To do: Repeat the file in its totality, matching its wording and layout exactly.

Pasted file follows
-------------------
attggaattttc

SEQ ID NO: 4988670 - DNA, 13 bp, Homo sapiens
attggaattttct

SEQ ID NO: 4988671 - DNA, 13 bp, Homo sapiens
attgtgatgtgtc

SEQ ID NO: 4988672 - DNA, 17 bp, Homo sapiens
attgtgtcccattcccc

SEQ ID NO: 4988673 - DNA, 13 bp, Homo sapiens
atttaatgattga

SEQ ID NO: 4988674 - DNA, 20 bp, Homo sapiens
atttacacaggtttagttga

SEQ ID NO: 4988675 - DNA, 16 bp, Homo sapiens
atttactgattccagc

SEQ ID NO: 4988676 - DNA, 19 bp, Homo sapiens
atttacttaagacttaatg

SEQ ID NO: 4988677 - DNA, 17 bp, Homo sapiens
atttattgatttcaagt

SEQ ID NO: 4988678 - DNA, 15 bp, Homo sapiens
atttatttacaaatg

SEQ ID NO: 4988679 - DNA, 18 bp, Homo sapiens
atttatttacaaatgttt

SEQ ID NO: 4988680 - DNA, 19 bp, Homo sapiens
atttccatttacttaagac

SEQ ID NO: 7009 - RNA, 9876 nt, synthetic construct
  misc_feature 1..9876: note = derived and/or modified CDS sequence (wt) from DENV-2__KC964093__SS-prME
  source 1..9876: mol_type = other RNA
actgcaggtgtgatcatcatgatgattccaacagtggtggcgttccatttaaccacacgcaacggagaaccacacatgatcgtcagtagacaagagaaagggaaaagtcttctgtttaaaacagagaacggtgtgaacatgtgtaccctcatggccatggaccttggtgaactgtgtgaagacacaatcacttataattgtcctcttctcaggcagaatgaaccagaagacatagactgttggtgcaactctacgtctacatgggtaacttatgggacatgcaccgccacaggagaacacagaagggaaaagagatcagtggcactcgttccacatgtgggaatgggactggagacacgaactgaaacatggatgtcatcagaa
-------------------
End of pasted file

attggaattttc

SEQ ID NO: 4988670 - DNA, 13 bp, Homo sapiens
attggaattttct

SEQ ID NO: 4988671 - DNA, 13 bp, Homo sapiens
attgtgatgtgtc

SEQ ID NO: 4988672 - DNA, 17 bp, Homo sapiens
attgtgtcccattcccc

SEQ ID NO: 4988673 - DNA, 13 bp, Homo sapiens
atttaatgattga

SEQ ID NO: 4988674 - DNA, 20 bp, Homo sapiens
atttacacaggtttagttga

SEQ ID NO: 4988675 - DNA, 16 bp, Homo sapiens
atttactgattccagc

SEQ ID NO: 4988676 - DNA, 19 bp, Homo sapiens
atttacttaagacttaatg

SEQ ID NO: 4988677 - DNA, 17 bp, Homo sapiens
atttattgatttcaagt

SEQ ID NO: 4988678 - DNA, 15 bp, Homo sapiens
atttatttacaaatg

SEQ ID NO: 4988679 - DNA, 18 bp, Homo sapiens
atttatttacaaatgttt

SEQ ID NO: 4988680 - DNA, 19 bp, Homo sapiens
atttccatttacttaagac

SEQ ID NO: 7009 - RNA, 9876 nt, synthetic construct
  misc_feature 1..9876: note = derived and/or modified CDS sequence (wt) from DENV-2__KC964093__SS-prME
  source 1..9876: mol_type = other RNA
actgcaggtgtgatcatcatgatgattccaacagtggtggcgttccatttaaccacacgcaacggagaaccacacatgatcgtcagtagacaagagaaagggaaaagtcttctgtttaaaacagagaacggtgtgaacatgtgtaccctcatggccatggaccttggtgaactgtgtgaagacacaatcacttataattgtcctcttctcaggcagaatgaaccagaagacatagactgttggtgcaactctacgtctacatgggtaacttatgggacatgcaccgccacaggagaacacagaagggaaaagagatcagtggcactcgttccacatgtgggaatgggactggagacacgaactgaaacatggatgtcatcagaa